Charles L. Bosk, a writer and researcher, spent time in a pediatric hospital where doctors and nurses took care of disabled and/or premature babies. Sometimes, when disabled babies were born (despite the program’s efforts to detect and abort them), the parents didn’t want them. Bosk wrote about a couple that chose not to treat their disabled baby with routine surgery, but instead allowed the child to die:
She [the woman who counseled the parents] reported that the parents had decided not only that they did not want to repair the child’s oomphalecele, but they wanted the child to die, and they were willing to do what they could to hurry that event along. The parents had left orders that the child not be fed. She reported that Berger [a doctor] was very upset with this turn of events… Berger claimed that it was one thing for the physicians and the parents to handle this, and quite another for the nurses who had to deal with the infant every day and would be the ones to watch it starve.
The mother was upset when the baby did not deteriorate quickly enough:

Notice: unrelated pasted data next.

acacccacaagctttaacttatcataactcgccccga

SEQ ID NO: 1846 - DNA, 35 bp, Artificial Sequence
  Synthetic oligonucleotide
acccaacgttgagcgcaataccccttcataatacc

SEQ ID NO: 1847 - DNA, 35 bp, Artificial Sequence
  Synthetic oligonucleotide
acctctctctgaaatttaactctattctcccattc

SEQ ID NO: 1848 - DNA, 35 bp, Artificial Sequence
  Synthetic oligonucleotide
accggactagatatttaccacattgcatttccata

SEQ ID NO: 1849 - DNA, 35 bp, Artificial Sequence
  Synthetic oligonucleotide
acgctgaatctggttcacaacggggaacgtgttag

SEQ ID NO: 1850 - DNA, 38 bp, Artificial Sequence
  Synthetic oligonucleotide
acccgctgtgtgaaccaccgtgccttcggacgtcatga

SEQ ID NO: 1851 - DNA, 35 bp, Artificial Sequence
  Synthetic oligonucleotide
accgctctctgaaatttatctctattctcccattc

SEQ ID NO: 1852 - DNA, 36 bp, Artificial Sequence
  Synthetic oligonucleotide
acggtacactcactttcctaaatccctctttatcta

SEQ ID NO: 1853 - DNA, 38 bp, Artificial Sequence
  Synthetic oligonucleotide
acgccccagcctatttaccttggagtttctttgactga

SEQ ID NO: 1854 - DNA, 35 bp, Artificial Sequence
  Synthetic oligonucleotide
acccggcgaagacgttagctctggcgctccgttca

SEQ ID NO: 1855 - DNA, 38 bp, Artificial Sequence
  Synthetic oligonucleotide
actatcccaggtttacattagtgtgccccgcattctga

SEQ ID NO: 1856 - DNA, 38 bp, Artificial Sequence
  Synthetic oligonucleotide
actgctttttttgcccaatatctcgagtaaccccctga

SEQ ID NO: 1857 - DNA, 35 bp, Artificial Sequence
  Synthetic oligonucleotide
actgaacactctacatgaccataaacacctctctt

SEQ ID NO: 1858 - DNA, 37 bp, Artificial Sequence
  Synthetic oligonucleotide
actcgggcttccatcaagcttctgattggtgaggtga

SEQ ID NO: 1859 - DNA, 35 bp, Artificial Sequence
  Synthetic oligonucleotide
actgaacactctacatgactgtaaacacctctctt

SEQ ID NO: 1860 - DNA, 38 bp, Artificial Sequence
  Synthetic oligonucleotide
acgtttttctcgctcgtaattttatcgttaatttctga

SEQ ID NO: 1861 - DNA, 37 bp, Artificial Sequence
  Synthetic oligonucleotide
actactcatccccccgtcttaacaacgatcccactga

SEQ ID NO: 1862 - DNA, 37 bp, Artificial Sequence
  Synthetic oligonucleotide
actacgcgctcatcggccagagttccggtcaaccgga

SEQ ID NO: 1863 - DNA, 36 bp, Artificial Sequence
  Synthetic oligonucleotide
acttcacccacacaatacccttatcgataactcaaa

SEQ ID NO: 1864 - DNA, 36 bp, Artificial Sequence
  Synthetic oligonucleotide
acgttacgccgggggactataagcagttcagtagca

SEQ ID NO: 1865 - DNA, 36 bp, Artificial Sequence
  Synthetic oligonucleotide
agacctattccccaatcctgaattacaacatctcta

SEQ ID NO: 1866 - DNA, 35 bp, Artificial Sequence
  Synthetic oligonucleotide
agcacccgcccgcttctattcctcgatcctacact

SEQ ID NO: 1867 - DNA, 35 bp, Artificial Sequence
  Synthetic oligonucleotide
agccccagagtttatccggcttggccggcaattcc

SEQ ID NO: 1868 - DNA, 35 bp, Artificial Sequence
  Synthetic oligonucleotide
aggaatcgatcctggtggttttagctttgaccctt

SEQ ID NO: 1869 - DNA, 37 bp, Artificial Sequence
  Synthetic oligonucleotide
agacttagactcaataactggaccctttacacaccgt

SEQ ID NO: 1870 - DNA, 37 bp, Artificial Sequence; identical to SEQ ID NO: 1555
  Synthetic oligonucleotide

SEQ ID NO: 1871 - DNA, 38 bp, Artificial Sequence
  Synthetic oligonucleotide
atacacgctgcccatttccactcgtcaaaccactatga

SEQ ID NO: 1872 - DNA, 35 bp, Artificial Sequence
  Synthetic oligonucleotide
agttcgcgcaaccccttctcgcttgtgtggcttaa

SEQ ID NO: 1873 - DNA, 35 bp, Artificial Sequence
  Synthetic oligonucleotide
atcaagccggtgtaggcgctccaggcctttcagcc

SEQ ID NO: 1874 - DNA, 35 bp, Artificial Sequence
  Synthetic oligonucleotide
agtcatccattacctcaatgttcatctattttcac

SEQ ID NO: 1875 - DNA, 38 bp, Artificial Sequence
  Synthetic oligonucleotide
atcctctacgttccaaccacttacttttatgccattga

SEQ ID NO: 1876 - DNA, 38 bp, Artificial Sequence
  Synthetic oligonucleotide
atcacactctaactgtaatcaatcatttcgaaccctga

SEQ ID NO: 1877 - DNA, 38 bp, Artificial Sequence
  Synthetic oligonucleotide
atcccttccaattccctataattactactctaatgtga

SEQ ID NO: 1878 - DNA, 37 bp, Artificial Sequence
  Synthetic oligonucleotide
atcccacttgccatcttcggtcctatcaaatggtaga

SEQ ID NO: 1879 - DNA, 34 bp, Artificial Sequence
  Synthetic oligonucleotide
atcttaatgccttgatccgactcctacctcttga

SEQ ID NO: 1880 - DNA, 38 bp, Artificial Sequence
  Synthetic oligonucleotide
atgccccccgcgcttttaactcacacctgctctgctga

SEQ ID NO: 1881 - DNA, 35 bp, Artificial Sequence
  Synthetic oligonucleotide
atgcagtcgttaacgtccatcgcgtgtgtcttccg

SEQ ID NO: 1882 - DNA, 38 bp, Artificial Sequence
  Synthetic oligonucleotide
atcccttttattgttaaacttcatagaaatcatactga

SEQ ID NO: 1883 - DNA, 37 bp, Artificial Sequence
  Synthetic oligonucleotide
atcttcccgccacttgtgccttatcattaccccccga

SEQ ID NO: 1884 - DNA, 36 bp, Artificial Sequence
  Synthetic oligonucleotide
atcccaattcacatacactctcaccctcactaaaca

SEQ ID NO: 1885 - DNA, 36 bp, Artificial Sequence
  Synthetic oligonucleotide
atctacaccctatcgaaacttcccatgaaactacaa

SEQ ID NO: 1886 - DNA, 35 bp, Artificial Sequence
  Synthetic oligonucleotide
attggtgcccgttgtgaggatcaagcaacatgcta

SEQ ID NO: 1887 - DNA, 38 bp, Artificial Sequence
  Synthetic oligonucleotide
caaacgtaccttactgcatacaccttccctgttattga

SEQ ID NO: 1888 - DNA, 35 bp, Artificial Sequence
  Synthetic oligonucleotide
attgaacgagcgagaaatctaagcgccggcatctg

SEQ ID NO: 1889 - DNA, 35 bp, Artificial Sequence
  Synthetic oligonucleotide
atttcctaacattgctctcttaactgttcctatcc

Bill [another doctor] reported that the mother was discouraged because today the baby looks good. She was hoping that it would die soon, so seeing it looked healthy really discouraged her.
Yes, this happened legally in the United States, and the practice is likely happening in neonatal care units across the country.
Tragically, there is little talk about the babies who are born and slowly starved to death. There is also little mention of children who are refused routine surgery that would have easily saved their lives. To my knowledge, there has been little documentation of these cases and no studies to show how often they occur.
This passage was written back in 1992. How many quiet murders of disabled babies have taken place since then?
Source: Charles L Bosk All God’s Mistakes: Genetic Counseling in a Pediatric Hospital (Chicago: The University of Chicago Press, 1992) 77, 80.